CUBA. Havana. 1964. Che GUEVARA.
CUBA. Havana. 1964. Fidel CASTRO.
With the reestablishment of a political relationship with Cuba, the possibility of lifting the five-decade-long trade embargo would mean more than Cuban cigars filling the shelves of American humidors.
Cuba is no longer a nostalgic, circa-1950s honeymoon destination. It is a country ripe with culture, a taste of which will be on view starting Saturday at the Southampton Arts Center. The International Center of Photography’s upcoming exhibition, “¡Cuba, Cuba!” is the first of its kind, featuring approximately 150 posters and photographs by American and Cuban artists—including East End residents Burt Glinn and Elliott Erwitt—which span from pre-revolutionary Cuba to the present, showing a 65-year progression through landscapes and portraits, according to Iliana Cepero, who curated the exhibit with Pauline Vermare.
“I think when you see the contemporary work, you realize how much Cuban photography has evolved and developed from all these iconic images that people remember,” Ms. Cepero explained last week in a telephone interview. “These images, they are beautiful and very appealing—but Cuba moved on from that era a long time ago. And I think people are going to see the show and see that Cuban photographers don’t look at that anymore. They have created their own aesthetic and their own way to view reality that is very different from that.”
Ms. Cepero emigrated from Cuba to Canada in 2006. She interned with ICP two years ago while finishing her dissertation at Stanford University, earning her doctorate in art history. Currently, Ms. Cepero teaches topics in Cuban culture at New York University and as an adjunct professor at The Cooper Union.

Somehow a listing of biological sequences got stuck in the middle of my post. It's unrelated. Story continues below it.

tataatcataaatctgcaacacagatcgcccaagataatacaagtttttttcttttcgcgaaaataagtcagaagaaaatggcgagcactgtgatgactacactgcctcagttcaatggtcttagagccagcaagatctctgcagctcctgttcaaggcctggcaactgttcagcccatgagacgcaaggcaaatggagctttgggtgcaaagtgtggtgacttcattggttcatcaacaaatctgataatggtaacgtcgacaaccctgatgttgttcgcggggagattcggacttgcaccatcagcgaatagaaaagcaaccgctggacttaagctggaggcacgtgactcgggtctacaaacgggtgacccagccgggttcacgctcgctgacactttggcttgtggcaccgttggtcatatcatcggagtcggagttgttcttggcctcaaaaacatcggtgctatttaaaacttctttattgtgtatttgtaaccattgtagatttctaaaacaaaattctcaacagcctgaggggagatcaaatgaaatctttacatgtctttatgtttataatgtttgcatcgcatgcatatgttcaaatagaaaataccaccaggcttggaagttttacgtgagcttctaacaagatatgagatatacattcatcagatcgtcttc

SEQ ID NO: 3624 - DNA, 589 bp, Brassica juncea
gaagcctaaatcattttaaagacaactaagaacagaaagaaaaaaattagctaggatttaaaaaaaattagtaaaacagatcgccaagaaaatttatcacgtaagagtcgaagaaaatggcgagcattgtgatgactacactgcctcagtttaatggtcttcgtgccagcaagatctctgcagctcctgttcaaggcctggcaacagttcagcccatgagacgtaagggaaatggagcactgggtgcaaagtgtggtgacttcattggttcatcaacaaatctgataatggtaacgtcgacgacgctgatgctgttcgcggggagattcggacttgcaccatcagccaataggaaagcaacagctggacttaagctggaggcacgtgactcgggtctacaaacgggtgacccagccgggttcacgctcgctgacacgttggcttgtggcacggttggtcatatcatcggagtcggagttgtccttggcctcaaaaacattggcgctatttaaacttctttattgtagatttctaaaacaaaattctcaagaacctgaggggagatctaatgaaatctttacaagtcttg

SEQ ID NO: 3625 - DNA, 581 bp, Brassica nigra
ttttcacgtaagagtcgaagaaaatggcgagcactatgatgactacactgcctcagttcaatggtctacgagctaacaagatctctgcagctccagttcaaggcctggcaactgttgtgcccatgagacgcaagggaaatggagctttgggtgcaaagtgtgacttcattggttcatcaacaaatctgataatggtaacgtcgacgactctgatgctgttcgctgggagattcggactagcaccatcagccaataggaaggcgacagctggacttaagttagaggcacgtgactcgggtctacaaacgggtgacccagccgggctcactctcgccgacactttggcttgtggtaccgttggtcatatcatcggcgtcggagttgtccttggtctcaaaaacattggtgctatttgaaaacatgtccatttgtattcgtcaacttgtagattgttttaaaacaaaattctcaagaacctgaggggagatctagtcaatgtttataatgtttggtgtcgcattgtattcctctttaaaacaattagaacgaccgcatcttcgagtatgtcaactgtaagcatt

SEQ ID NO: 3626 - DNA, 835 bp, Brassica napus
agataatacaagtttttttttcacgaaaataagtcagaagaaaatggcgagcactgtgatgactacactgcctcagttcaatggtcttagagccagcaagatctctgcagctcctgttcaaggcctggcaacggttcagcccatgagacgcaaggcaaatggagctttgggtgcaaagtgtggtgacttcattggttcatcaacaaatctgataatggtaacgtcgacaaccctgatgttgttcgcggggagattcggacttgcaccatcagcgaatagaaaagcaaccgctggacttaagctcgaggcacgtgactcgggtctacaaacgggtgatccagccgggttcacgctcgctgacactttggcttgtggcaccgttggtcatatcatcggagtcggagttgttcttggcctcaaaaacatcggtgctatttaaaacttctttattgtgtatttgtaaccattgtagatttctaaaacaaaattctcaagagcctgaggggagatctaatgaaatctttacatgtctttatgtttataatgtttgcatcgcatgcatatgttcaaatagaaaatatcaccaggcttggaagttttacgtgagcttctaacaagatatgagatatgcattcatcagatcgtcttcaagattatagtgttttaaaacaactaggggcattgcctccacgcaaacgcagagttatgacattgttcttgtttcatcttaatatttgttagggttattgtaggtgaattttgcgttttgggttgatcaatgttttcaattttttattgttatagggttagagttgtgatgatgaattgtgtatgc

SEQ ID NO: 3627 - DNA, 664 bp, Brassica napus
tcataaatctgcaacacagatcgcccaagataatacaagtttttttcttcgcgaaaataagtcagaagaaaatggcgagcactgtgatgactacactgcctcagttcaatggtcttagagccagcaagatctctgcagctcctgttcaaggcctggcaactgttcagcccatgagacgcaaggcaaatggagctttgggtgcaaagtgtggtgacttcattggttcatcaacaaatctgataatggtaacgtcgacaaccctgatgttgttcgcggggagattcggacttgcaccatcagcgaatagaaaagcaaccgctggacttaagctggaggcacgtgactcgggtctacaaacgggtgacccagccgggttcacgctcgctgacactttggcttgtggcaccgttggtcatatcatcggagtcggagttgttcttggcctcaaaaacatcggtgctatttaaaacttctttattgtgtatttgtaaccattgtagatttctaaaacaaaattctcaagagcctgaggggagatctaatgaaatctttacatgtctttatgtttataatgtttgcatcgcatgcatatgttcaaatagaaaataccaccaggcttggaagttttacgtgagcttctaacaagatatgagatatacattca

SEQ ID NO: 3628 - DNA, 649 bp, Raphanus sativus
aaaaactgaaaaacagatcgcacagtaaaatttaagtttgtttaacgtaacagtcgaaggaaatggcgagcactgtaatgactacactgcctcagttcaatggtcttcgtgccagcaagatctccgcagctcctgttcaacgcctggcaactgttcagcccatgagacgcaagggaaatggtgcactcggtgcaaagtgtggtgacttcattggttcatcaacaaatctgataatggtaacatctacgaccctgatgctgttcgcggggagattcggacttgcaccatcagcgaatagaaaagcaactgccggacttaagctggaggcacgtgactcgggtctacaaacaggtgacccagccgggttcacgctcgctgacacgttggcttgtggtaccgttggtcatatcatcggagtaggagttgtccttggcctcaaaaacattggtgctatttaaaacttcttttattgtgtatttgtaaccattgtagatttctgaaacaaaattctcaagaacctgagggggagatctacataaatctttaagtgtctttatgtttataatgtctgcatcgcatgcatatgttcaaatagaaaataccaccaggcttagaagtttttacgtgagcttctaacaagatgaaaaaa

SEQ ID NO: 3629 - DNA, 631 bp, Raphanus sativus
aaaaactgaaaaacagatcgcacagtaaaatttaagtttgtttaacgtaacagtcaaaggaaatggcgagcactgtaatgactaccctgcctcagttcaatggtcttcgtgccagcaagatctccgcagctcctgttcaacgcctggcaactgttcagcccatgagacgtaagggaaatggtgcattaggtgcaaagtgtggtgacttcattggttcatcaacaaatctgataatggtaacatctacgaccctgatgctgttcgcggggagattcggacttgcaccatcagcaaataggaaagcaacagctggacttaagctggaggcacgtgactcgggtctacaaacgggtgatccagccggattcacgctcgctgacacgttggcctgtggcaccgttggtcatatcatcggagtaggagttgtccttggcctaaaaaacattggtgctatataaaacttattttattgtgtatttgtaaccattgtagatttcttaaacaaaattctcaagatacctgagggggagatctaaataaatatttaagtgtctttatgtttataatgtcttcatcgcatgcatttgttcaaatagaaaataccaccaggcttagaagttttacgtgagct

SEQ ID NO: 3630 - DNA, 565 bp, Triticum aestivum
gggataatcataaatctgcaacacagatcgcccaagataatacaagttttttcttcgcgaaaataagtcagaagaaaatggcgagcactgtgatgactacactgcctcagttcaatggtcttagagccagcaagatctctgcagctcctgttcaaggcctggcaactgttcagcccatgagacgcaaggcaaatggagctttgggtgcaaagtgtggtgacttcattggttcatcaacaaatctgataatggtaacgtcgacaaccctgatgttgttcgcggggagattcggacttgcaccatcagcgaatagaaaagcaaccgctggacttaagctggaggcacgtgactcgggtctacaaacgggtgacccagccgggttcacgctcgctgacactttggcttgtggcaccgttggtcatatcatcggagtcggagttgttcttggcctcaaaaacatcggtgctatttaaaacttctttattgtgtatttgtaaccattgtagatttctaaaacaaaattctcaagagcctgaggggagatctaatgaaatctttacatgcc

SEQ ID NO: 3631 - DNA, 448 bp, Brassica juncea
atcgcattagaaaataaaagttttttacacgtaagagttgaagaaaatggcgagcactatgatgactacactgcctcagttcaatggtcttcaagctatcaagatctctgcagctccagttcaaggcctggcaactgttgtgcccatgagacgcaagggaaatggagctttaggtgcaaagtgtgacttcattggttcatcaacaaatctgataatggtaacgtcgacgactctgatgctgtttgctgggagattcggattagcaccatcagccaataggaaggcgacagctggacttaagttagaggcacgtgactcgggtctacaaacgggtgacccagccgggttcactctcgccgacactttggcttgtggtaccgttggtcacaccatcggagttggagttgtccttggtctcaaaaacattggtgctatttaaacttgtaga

“All of these ideas that people have about Cuba is not the reality,” she said. “We want to represent everyday life and how the struggles, hopes and contritions fit all together and create new realities for us every single day. I think one of the goals is to see the dynamic between how art and photography has responded to our social and political reality.”
Southampton resident Renee Harbers Liddell, executive vice president of the ICP board and exhibition sponsor, alongside her husband, Christopher, said she expects many different reactions to the show.
“You can approach it from a variety of different angles,” she explained. “There’s a vibrant culture, but there are a lot of issues with the U.S. and their relationship with Cuba. We have Cuban-Americans who are hesitant to patch up relations with Cuba. So not only do you have a lot of cultural conversations that can start, but there are also a lot of political conversations that can, as well.
“I don’t personally have an agenda. I don’t know where I fall on the whole situation. I am looking forward to the show, so I can talk to people and read about it.”
She added, with a laugh, “I do, however, have a strong opinion about how I like my mojitos!”
“¡Cuba, Cuba!” will be on view from Thursday, August 13, through September 7 at the Southampton Arts Center. An opening reception will be held on Saturday, August 15, starting at 5 p.m. Admission is free. Gallery hours are Thursday from noon to 5 p.m., Friday and Saturday from noon to 7 p.m., and Sunday from 11 a.m. to 5 p.m. For more information, visit southamptoncenter.org.
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One fine body…